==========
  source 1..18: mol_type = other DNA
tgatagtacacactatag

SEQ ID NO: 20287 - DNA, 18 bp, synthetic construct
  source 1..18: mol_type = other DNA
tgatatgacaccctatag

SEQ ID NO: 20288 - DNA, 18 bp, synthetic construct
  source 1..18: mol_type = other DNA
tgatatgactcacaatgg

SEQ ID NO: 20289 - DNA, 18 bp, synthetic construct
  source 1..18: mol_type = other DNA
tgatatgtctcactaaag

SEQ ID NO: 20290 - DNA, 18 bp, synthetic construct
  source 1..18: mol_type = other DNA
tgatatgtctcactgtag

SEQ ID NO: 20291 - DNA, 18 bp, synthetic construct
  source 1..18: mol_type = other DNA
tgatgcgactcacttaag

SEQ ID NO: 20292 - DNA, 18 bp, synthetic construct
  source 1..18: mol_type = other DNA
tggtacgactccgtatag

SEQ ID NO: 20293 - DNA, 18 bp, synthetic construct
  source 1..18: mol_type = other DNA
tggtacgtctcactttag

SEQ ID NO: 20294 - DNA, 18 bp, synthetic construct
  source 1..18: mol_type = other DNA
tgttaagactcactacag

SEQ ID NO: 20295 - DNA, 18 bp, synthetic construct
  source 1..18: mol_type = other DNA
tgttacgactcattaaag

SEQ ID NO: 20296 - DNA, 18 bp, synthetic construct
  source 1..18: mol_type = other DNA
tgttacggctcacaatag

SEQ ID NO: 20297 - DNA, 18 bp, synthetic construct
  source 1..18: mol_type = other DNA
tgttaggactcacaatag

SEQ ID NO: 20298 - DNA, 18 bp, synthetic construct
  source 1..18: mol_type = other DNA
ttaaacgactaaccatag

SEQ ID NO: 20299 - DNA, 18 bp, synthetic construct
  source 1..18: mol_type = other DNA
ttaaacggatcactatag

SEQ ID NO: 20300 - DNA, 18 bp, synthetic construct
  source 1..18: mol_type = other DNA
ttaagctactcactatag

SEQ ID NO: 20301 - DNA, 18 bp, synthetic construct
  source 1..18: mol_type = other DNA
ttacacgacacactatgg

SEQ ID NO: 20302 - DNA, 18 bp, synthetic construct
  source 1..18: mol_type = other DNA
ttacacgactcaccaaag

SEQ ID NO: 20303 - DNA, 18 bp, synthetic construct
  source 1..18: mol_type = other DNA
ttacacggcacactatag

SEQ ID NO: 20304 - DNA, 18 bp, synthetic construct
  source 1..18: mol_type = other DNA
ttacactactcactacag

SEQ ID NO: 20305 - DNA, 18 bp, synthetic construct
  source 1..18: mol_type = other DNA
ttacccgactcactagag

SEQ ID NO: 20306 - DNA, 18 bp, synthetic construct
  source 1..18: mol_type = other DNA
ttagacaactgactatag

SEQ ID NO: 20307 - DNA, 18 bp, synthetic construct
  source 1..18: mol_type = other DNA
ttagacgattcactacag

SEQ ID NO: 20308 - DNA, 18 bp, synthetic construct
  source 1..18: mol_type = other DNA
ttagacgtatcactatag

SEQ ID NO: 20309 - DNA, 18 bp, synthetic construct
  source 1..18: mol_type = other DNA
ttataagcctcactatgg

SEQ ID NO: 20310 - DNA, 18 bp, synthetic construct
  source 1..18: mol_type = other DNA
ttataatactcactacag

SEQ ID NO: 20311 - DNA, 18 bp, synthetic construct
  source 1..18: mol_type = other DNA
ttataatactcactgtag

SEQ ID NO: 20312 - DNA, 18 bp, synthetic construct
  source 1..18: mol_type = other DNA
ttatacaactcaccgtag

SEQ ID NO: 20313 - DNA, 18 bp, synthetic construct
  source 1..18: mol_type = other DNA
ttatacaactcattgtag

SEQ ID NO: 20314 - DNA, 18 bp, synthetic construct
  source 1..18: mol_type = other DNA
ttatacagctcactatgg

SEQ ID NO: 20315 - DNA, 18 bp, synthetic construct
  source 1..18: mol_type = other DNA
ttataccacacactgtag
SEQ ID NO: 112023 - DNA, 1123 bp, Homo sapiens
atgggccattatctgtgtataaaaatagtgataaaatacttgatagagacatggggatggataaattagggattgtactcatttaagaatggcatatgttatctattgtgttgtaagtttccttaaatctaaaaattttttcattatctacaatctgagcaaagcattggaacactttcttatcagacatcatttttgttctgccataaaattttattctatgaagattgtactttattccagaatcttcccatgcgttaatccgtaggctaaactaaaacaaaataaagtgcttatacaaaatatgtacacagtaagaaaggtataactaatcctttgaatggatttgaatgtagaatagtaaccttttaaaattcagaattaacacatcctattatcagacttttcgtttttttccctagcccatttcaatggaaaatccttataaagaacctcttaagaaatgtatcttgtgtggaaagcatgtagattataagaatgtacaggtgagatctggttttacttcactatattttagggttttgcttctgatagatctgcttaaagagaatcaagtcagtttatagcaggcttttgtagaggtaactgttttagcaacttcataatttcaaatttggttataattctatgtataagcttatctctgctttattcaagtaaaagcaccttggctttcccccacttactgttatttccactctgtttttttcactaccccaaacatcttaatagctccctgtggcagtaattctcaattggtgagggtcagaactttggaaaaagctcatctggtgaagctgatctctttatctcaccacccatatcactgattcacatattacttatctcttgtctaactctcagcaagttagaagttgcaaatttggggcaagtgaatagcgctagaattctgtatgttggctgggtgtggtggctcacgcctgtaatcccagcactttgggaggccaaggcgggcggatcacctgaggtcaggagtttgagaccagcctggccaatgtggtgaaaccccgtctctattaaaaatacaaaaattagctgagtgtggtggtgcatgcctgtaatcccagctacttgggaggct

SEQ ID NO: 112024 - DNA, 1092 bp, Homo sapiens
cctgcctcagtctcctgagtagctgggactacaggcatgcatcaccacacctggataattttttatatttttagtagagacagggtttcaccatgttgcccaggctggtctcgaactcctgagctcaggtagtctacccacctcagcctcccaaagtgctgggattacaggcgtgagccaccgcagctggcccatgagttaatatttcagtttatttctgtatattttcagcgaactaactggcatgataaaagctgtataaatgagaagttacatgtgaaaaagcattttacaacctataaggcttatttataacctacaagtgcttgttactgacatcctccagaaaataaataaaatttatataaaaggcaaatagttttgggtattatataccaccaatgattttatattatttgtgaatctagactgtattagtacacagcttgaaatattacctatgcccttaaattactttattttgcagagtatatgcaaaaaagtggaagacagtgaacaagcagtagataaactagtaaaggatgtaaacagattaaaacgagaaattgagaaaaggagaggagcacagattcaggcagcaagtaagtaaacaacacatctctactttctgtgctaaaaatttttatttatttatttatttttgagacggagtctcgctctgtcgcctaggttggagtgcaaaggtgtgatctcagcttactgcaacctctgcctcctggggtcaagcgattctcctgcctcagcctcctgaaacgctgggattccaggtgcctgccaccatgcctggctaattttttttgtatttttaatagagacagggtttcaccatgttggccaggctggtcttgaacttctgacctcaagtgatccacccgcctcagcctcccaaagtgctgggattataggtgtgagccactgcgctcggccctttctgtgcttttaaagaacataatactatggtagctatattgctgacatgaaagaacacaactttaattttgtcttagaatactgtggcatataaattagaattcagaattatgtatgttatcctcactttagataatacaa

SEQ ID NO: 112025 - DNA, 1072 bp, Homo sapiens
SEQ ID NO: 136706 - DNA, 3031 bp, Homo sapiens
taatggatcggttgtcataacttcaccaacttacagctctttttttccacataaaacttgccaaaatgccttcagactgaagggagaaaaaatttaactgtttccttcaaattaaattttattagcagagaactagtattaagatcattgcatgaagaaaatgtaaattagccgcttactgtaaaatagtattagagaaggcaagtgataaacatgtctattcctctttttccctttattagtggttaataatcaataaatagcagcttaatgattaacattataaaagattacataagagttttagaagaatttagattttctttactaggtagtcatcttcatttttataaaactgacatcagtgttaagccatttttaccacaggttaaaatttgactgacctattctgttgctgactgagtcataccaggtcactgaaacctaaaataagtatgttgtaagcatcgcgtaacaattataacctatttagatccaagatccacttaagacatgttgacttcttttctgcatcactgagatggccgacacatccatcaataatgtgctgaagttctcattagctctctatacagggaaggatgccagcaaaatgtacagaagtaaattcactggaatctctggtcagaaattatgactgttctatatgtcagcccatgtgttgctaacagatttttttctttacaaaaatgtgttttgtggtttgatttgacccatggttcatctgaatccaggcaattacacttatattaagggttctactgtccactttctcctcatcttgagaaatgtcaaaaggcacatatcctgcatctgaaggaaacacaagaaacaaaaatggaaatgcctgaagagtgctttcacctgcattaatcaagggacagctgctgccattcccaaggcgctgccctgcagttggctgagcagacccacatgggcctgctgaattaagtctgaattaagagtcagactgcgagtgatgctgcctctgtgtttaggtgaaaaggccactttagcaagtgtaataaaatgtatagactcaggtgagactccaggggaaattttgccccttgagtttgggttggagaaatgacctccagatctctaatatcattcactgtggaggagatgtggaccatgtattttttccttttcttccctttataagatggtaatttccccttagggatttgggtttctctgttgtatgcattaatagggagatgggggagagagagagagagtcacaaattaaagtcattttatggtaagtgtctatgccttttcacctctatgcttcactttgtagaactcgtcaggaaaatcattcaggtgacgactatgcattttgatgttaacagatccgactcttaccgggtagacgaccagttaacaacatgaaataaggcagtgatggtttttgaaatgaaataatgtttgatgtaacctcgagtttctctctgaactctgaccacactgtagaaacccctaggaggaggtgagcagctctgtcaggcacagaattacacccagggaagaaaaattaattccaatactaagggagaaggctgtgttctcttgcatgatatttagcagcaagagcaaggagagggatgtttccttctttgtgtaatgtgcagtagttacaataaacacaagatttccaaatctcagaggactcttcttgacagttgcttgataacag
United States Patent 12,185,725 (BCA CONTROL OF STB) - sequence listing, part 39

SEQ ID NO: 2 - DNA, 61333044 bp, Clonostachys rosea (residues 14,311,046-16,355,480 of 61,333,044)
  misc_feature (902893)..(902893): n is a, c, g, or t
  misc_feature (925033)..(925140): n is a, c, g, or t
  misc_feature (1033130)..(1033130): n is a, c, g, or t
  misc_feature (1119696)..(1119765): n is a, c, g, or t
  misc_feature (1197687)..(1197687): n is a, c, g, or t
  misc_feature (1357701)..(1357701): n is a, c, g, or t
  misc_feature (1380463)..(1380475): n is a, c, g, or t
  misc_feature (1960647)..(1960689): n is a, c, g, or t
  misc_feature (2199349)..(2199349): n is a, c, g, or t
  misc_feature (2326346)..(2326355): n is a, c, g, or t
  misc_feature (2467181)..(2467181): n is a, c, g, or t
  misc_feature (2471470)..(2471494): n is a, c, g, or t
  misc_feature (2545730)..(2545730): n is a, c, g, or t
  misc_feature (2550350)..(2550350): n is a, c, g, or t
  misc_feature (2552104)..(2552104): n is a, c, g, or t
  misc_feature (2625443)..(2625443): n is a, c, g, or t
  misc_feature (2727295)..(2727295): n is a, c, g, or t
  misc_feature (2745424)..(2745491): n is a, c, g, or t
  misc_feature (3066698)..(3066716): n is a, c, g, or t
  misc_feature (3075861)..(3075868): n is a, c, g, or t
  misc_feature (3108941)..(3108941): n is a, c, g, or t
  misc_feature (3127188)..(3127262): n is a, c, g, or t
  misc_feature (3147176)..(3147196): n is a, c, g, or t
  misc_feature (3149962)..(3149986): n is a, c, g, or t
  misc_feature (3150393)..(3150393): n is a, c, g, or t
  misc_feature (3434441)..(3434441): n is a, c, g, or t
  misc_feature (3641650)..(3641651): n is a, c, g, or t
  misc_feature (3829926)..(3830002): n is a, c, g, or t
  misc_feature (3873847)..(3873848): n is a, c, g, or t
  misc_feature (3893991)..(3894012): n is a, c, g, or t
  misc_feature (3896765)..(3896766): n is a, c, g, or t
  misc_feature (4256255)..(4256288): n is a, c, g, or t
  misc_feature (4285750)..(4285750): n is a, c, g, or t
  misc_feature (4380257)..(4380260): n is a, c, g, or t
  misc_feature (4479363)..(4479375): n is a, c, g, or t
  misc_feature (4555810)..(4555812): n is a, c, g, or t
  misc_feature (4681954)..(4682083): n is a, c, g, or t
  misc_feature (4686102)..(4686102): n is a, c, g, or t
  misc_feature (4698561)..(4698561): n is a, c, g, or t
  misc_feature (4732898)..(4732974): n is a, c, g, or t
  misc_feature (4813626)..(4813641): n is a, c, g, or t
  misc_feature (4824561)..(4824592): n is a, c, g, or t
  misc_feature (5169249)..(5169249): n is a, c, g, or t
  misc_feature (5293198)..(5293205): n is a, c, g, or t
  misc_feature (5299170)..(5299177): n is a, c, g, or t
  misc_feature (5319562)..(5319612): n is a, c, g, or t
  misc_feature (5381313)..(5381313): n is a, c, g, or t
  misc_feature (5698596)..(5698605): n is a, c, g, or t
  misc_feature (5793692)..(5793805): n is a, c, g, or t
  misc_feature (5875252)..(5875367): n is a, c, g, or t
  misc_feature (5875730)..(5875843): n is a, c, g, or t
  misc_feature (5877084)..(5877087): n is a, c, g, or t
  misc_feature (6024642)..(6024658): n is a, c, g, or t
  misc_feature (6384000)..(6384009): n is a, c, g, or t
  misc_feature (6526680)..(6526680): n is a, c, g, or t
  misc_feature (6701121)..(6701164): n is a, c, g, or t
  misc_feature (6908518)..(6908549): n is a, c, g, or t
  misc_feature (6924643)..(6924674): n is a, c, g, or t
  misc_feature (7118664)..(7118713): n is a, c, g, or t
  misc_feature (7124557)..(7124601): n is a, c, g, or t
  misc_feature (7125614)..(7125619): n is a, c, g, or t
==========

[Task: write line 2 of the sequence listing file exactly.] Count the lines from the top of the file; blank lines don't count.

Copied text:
tgatagtacacactatag